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Operating Systems Unix OS X BSD

Happy 20th Birthday, FreeBSD 220

Posted by timothy
from the long-may-it-wave dept.
mbadolato writes "FreeBSD celebrates its 20th birthday this week. On 19 June 1993, David Greenman, Jordan Hubbard and Rod Grimes announced the creation of their new fork of the BSD 4.3 operating system, and its new name: FreeBSD." And in the time since then, FreeBSD hasn't exactly stood still; it's spawned numerous other projects (like DragonFly BSD and PC-BSD), as well as served as the basis for much of Mac OS X; there's even a Raspberry Pi build.
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Happy 20th Birthday, FreeBSD

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  • Re:Well... (Score:3, Informative)

    by Freshly Exhumed (105597) on Friday June 21, 2013 @10:51PM (#44076247) Homepage

    If it is not in `cat /usr/share/calendar/calendar.history` on a FreeBSD box then I refuse to believe it happened.

  • by Anonymous Coward on Friday June 21, 2013 @11:04PM (#44076307)

    OpenBSD is a fork of NetBSD, and historically was never really involved in FreeBSD. Of course, all 3 share code under the friendly license.

  • by real-modo (1460457) on Saturday June 22, 2013 @03:55AM (#44077161)

    Hmmm.. last used for any length of time: FreeBSD 2.2.2 with FVWM95 (serial mouse!), back in '00 or thereabouts. (At the time, FreeBSD was reliable; Linux was not. Corel Linux--remember that, anyone? Urg. Red Hat? flaky, at the time. Mandrake Linux: slightly less flaky.)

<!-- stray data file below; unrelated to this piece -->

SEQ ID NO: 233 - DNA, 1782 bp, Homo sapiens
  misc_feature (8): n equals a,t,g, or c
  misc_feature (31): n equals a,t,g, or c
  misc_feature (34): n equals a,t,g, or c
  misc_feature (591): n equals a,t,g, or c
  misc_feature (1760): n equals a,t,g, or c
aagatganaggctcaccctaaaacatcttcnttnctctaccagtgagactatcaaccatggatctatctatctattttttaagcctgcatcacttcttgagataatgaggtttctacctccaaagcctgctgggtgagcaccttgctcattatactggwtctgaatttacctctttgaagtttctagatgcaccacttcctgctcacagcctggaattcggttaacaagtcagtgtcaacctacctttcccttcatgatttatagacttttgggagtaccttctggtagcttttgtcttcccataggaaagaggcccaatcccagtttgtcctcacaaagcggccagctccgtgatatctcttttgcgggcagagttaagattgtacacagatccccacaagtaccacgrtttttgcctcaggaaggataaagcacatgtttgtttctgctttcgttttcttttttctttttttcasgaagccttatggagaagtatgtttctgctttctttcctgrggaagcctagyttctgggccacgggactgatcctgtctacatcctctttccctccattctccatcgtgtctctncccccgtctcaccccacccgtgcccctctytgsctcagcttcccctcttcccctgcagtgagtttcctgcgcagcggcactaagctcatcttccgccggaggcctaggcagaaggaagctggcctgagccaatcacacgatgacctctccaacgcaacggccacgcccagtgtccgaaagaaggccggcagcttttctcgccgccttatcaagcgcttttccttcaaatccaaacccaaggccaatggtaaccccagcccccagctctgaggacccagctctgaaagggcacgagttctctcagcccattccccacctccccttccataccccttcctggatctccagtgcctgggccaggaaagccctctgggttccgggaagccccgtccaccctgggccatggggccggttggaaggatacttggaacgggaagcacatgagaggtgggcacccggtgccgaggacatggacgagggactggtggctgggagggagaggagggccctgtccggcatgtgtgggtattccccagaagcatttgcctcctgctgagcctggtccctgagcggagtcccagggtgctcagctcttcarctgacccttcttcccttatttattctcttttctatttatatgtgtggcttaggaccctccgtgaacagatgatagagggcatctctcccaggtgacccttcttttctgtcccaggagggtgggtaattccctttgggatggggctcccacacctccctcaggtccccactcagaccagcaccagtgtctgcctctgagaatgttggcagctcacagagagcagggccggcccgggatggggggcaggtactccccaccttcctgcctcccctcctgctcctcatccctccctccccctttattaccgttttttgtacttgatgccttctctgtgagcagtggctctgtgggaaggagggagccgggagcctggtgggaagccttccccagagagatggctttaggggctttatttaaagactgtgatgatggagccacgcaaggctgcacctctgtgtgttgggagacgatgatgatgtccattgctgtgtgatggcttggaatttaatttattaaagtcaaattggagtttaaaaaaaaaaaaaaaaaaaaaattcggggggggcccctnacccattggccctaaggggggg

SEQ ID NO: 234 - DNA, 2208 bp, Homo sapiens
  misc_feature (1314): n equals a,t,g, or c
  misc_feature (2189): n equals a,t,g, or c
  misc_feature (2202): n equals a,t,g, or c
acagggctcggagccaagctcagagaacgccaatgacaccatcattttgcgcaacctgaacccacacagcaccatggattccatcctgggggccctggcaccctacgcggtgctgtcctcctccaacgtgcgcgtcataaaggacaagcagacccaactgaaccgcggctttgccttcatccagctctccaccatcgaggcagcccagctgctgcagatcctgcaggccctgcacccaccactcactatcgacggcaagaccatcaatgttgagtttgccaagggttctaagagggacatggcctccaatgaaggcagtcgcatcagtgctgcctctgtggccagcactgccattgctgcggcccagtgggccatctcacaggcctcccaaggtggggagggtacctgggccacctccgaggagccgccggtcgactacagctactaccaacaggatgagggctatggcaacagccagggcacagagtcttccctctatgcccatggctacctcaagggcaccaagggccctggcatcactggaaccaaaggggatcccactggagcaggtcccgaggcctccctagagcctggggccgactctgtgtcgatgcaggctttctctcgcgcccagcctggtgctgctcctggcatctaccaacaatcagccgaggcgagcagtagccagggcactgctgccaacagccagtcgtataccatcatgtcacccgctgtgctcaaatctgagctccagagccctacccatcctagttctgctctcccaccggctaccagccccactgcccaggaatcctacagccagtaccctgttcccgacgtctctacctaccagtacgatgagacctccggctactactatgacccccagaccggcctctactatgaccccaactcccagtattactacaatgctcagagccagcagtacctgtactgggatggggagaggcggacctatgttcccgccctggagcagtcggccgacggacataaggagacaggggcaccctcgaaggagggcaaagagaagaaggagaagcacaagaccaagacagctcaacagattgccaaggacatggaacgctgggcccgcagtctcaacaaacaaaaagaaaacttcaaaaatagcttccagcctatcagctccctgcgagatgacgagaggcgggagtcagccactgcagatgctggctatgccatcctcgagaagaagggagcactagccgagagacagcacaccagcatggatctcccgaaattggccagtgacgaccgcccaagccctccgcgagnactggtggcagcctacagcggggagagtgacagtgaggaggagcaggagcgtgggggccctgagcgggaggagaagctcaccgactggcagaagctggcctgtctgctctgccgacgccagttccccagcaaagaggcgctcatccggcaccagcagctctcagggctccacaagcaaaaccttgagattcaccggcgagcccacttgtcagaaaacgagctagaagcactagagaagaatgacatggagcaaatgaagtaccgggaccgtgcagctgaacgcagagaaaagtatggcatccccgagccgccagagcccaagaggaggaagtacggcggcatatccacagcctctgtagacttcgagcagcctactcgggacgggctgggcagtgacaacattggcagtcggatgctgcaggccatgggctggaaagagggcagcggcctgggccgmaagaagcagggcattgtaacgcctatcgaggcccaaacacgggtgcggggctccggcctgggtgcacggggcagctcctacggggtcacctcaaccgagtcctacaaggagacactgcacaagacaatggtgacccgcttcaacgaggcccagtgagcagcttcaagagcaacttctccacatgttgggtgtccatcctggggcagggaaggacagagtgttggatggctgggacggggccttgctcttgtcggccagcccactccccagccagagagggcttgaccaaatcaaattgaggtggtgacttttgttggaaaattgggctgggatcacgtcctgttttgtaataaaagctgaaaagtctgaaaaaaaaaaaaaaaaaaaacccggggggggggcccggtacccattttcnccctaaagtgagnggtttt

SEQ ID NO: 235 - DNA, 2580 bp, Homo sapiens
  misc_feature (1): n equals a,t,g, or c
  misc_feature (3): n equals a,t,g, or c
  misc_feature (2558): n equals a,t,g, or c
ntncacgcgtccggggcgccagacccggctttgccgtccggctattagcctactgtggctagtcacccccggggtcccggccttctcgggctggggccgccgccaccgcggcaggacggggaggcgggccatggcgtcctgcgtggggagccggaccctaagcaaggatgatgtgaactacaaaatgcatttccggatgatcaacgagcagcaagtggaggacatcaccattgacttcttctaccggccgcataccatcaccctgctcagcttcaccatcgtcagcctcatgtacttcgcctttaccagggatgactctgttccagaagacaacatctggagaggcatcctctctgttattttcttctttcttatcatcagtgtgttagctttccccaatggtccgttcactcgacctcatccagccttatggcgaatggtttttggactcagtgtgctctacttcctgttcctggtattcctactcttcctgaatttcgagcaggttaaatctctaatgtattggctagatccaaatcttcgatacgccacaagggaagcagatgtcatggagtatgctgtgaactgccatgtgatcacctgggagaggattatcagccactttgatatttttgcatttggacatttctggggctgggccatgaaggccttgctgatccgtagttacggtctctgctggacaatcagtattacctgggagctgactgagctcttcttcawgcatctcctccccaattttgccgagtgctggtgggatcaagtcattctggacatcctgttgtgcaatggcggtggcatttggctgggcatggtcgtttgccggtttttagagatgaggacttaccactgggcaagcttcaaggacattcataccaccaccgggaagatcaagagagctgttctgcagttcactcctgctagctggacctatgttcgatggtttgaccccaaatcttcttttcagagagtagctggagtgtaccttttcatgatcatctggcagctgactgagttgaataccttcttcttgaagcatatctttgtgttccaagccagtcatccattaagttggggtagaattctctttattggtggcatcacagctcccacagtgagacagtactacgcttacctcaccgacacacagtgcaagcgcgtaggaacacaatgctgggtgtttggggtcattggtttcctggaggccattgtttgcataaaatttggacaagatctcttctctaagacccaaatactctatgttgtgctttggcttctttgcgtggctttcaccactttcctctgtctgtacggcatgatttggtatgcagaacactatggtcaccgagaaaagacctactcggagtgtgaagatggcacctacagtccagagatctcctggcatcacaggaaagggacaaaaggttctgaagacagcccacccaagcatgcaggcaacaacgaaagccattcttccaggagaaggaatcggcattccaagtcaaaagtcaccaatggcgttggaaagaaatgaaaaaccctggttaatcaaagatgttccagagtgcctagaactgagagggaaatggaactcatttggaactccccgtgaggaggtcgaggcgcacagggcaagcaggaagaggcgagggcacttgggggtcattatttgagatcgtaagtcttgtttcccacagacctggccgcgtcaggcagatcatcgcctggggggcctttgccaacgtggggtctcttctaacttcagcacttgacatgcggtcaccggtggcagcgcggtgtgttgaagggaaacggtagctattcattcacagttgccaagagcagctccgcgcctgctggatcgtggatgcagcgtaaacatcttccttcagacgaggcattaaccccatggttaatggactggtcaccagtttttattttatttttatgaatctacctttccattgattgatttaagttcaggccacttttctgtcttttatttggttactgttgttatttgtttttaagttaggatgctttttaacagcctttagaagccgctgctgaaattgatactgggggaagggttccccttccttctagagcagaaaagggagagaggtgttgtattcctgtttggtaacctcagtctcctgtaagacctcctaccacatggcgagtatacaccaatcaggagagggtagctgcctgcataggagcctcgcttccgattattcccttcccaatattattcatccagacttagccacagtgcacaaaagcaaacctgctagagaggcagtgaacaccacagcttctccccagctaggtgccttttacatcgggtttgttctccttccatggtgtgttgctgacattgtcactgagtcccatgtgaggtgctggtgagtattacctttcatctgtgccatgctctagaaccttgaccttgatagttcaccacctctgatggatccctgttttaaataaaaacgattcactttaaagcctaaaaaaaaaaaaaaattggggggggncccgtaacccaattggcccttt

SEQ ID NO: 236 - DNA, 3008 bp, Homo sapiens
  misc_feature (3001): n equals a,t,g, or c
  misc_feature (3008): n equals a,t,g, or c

But the culture hasn't changed much, from a recent scout-round. I'd say your impression is correct. Here are some random thoughts:-

      *BSDers will say *BSD is more like "real Un*x", but as far as I can tell the OS has been riddled with schisms since the '70s. The "real Un*x" is a nostalgic fantasy (or an artefact of Stockholm syndrome, take your pick).

    *BSDers will say *BSD is reliable. That hasn't been a problem for Linux for a decade. (Except for Intel's video drivers...grrr.)

    Differences...apart from being behind the times hardware-wise (which you can do with Centos 4, if you want), the main difference is: only one "distro". (Although there are a few derivatives of FreeBSD and NetBSD, only their creators use them, pretty much.) BDSM submissives enjoy OpenBSD; no-one'd dare fork it.

    The FreeBSD man pages were better. Way better, as I recall. That's in part because they tried to avoid all that dubious GNU stuff. Can't say they were wrong about info(1), but I can say they were wrong about make(1).

    Filesystems. Linux and *BSD have *FAT*, NTFS, and ZFS in common. That's about it. FreeBSD has had ZFS for a couple of years longer than Linux.

    Culture. For a long time the *BSDs' attitude was "compile it from source, and fix the dependencies yourself". Like combining the bad parts of old-time Slackware and Gentoo. Might be better now; I've only tried Live CDs.

    Startup: I like the rc.conf startup configuration approach. (Way better than System Five initscripts. "Fragile" hardly begins to describe that approach.) I used Arch Linux for a long time because it had the closest approximation to rc.conf, but it also had drivers for USB and stuff. You know, the hardware I had attached to my PC. Not much, back in the day; but I wanted to use it. Arch was a pretty good compromise.